Our second speaker of the day at LILIS was Russ Carrington, Former Director, Executive Secretary and Recording Secretary of the Pasture Fed Livestock Association (PFLA).
Russ grew up on his family’s farm in Herefordshire, but left to study Civil Engineering at Cardiff University and follow a different career path. However, after a few years of office life and a stint of international travel he decided to return to full-time farming. He brought with him a string of off-farm skills and a passion for embracing the challenges of food production in the 21st century. Since then, he helped to manage Caplor Farm, a 326ha (800 acre) mixed farm in Herefordshire for nearly two years, before taking the opportunity to become executive secretary for the Pasture-Fed Livestock Association.
The idea for the Pasture-Fed Livestock Association arose in 2009, when a small group of British farmers decided to join together to extol the wide-ranging benefits of producing meat from animals fed exclusively on pasture. Since then, the Association has developed, on a very limited budget, into an active, credible organisation that successfully champions the virtues of grass-based farming and meat production.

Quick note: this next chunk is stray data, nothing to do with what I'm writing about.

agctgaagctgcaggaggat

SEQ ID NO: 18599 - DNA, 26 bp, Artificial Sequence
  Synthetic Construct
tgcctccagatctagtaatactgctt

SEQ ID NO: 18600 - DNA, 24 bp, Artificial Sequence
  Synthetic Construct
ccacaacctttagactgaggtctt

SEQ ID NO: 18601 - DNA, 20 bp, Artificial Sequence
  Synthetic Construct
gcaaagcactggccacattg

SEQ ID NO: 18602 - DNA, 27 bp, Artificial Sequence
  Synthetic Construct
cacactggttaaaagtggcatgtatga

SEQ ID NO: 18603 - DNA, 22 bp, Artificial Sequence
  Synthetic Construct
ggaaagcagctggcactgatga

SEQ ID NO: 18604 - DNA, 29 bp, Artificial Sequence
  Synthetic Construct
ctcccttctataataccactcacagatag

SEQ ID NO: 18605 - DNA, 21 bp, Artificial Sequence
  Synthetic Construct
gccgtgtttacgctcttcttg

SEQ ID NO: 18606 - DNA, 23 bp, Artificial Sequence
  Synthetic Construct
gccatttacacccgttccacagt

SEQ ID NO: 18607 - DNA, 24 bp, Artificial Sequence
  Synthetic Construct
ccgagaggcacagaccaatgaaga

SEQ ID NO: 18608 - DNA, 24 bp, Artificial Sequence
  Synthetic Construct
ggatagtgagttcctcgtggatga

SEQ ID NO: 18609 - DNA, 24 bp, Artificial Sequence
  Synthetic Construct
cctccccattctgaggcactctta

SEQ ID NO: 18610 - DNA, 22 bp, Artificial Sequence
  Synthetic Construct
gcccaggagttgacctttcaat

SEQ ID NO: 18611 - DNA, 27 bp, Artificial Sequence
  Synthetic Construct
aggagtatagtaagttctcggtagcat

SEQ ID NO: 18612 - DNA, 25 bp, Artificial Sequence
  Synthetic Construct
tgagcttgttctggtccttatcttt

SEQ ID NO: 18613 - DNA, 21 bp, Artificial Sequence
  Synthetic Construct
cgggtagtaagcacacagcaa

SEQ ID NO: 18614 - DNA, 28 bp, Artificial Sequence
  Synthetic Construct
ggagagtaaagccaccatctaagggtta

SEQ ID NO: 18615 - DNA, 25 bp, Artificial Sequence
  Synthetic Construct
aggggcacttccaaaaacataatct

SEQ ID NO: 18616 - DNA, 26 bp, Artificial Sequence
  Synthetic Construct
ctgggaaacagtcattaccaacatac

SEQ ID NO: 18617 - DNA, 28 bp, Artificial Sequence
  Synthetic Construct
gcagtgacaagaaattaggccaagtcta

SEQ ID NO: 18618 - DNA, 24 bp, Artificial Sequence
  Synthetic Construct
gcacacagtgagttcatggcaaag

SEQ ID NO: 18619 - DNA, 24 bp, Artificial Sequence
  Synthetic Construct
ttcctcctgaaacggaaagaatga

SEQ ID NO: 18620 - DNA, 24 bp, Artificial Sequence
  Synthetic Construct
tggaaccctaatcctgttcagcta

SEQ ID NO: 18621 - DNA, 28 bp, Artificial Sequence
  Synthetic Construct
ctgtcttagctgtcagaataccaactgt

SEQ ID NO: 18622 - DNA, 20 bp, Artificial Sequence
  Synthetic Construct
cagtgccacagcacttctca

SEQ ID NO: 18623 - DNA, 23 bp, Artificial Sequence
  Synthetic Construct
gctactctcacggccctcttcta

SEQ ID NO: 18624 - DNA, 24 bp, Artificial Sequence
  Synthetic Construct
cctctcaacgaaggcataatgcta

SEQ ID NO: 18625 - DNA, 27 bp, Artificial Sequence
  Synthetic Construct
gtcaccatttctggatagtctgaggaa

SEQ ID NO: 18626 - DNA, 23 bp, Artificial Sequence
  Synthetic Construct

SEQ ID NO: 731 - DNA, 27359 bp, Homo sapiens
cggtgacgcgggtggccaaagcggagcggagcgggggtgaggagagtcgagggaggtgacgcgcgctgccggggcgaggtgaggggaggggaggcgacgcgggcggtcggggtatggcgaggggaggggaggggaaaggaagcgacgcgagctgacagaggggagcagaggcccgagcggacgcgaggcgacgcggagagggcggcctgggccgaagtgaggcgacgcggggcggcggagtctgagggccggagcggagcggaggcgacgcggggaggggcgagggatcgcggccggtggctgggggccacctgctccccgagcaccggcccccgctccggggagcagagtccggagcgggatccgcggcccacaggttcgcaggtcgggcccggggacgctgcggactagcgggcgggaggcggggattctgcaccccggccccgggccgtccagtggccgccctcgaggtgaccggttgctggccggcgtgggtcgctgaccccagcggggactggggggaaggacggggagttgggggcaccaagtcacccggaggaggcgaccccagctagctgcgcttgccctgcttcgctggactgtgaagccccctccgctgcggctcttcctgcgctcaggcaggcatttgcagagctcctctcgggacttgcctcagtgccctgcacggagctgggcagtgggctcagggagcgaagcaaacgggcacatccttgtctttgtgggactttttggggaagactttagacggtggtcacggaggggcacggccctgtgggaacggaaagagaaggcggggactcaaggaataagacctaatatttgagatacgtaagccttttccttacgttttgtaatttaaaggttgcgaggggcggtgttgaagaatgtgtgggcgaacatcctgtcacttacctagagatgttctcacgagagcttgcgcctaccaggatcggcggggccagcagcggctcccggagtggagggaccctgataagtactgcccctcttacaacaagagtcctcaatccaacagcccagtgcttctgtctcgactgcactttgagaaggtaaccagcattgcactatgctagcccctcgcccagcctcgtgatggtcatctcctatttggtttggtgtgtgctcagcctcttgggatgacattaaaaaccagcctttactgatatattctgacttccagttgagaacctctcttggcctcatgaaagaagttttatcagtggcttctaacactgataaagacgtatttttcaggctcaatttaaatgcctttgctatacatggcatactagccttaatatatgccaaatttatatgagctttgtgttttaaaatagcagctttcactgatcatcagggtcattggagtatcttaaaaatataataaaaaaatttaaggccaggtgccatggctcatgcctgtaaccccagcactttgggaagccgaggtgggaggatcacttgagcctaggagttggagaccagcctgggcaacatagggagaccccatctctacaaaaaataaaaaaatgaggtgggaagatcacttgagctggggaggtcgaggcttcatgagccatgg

Run as a Community Interest Company (CIC) since 2011, the membership includes farmers, butchers, retailers and consumers – all with a passion to increase the supply and market for pastured meat.
Russ’s talk at LILIS gave the delegates a real insight into the PFLA and how the grass-fed market is growing in the UK.
One of the main reasons consumers are looking for the ‘pasture fed’ certification mark is the increasing interest in both the welfare and the health benefits of meat. The PFLA currently have around 60 certified farmers who, between them, have 8,000 cattle, 14,000 sheep, and 14-15,ooo hectares. There are 30 retail outlets across the country selling the PFLA certified meat, from small shops and meat boxes, to mostly online shops and butchers.
One of the audiences that is keenly pursuing grass fed meat is those who follow a caveman/paleo diet, and Russ commented that the PFLA would be interested in following this trend to see how it moves forward. They’re not always most affluent customers, and they’re happier to opt for cheaper cuts; perhaps the opposite to many of those who shop organically.